New study reveals the Amazon is losing surface freshwater | WWF Brasil

New study reveals the Amazon is losing surface freshwater



22 Março 2019   |  
Jamanxim river, Amazon.
© Foto: Divulgação/ Ibama
Analysis demonstrates a trend in the reduction of the region’s water bodies. On average, 350 km2 of surface freshwater is being lost every year. Alteration of aquatic ecosystems is caused by both human intervention, through the conversion of native vegetation and infrastructure works, and climate change.

By Denise Oliveira


Brasilia, 22 March 2019 - Images of Landsat satellite collected over 33 years (from 1985 to 2017), new data processing technology in computer clouds and dedicated analysis carried out by researchers have led to new observations relating to changes in the Amazon’s water bodies.

Brazil normally focuses on the analysis of annual data relating to the conversion of native vegetation and changes to land ecosystems with Prodes project, which measures the suppression of native vegetation in the Amazon. This new study evaluated transformations to surface freshwater in the Amazon and could pave the way for regular annual monitoring of the region’s water bodies, including rivers, lakes and floodable wetlands.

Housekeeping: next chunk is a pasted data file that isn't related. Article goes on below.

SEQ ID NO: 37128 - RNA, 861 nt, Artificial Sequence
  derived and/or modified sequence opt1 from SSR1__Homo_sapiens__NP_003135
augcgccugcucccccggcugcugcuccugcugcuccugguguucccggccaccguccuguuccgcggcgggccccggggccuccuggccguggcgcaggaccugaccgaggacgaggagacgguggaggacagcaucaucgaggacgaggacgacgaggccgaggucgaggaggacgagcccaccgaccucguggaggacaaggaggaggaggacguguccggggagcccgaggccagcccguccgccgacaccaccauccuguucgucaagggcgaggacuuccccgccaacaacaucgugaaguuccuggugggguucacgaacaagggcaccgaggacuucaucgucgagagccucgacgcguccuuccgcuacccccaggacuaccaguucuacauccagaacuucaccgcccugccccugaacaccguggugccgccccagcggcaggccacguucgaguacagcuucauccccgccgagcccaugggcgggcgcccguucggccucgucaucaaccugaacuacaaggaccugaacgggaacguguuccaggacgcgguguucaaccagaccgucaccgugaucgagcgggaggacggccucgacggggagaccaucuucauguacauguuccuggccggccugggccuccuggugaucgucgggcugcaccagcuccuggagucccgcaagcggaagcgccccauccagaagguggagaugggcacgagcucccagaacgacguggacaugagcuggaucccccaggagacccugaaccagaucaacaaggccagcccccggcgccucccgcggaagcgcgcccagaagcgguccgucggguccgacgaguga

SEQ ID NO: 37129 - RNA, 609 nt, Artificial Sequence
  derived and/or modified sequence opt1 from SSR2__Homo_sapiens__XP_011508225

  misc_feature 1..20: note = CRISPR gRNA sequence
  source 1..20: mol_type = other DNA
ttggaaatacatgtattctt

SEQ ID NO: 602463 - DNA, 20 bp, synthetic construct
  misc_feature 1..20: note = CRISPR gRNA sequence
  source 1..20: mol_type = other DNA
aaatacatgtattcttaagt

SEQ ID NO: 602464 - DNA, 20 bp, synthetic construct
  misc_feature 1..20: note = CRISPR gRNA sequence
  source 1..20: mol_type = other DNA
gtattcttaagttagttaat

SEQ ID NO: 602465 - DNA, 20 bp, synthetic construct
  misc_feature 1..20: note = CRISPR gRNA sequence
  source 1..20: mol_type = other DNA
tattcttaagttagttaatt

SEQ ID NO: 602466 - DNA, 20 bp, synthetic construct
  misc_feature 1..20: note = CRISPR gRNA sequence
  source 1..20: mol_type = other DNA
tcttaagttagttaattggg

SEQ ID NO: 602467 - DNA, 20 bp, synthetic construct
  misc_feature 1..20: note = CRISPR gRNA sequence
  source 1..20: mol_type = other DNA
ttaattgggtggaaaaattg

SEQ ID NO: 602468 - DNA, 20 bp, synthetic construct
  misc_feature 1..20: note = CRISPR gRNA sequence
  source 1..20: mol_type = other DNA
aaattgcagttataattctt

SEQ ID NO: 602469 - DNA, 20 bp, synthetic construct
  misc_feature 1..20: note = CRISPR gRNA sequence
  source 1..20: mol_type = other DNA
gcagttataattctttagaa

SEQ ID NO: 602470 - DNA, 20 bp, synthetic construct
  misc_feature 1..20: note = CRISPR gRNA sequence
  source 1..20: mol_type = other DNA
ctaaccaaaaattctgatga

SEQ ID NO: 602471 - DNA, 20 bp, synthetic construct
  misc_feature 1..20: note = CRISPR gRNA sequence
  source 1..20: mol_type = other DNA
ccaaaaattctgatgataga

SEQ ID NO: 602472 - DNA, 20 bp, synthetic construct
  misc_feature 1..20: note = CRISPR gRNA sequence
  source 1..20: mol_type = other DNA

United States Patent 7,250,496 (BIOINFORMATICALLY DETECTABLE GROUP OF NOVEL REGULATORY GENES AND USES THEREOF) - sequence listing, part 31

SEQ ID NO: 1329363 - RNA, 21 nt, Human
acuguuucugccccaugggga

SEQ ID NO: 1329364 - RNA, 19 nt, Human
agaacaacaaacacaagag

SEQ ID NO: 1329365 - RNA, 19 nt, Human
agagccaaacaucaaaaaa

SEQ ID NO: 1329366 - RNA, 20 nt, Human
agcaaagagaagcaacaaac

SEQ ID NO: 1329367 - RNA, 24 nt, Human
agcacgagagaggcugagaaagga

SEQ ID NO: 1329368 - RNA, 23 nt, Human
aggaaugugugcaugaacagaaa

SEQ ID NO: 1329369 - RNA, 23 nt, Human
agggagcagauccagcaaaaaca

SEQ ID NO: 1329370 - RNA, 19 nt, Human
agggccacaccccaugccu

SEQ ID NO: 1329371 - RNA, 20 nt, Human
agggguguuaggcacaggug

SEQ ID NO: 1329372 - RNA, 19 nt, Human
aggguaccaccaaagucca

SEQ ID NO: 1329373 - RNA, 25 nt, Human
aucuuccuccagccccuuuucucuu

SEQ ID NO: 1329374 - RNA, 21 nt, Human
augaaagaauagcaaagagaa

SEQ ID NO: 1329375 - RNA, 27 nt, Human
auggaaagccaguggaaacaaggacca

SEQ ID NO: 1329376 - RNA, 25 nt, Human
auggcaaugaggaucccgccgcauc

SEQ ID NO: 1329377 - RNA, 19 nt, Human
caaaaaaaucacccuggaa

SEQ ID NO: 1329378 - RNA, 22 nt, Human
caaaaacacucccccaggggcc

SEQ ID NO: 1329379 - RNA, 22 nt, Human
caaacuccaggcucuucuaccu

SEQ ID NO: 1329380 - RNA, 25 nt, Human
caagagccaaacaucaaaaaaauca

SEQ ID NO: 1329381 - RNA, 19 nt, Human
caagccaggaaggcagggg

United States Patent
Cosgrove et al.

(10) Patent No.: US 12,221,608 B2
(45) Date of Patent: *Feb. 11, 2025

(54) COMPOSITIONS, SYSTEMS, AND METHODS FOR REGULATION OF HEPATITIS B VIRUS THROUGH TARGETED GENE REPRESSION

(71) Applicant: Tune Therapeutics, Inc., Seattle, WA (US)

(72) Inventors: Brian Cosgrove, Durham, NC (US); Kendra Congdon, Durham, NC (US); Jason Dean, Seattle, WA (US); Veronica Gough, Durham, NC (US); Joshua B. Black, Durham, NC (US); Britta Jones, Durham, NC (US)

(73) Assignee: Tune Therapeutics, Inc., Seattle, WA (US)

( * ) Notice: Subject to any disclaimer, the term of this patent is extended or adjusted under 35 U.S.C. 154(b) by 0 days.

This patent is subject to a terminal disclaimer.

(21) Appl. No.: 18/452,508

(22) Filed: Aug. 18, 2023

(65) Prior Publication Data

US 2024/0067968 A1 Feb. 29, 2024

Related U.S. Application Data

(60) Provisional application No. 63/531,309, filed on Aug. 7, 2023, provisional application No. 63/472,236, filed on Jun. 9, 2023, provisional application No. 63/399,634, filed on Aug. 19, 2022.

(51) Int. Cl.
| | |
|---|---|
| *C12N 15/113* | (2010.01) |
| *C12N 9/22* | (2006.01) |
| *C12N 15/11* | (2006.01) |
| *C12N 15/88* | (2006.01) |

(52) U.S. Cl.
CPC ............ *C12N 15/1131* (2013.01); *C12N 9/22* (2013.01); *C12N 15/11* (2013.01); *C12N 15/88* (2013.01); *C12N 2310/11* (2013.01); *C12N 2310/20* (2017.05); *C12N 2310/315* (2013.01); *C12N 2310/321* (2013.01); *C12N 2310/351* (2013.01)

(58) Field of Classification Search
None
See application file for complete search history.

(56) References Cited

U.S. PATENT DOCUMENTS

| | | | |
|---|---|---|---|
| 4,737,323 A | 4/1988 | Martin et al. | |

Current projections are not so positive, however. The analysis carried out by WWF-Brazil and the Man and Environment Institute of Amazonia (Imazon) – as part of the MapBiomas Project and with the support of Google Earth Engine – reveals a trend in the reduction of water surfaces. On average, 350 km2 of surface freshwater is being lost every year.

The results of the analysis Long-Term Annual Surface Water Change in the Brazilian Amazon Biome: Potential Links with Deforestation, Infrastructure Development and Climate Change were published on Tuesday, March 19, in a special edition of the scientific publication Water. The article addressing the status of water resources in the Americas brought to light previously unseen data on a scale covering the entire biome. This is the first time that a study of this magnitude has been carried out right across the Amazon biome.


Causes and impacts

Bernardo Caldas, conservation analyst for WWF-Brazil’s Science Program and one of the authors, explains that there is a correlation between the loss of water surface in the Amazon region and the construction of hydroelectric and deforestation.

Human intervention, involving a combination of small hydropower plants, as well as major infrastructure works, weirs, river dams and lake formation for fish farming, all affect the natural dynamics and generate changes to water bodies and water flows that impact the system as a whole. Regions in which human interventions are more pronounced coincide with the zone known as the “deforestation arch” in the southern Amazon.

River dams (which interrupt the natural flow of water) affect flood pulses. The cumulative effects of a series of dams can cause the watercourse to enter collapse and subsequently interfere with the dynamics and ecological services of an entire water basin.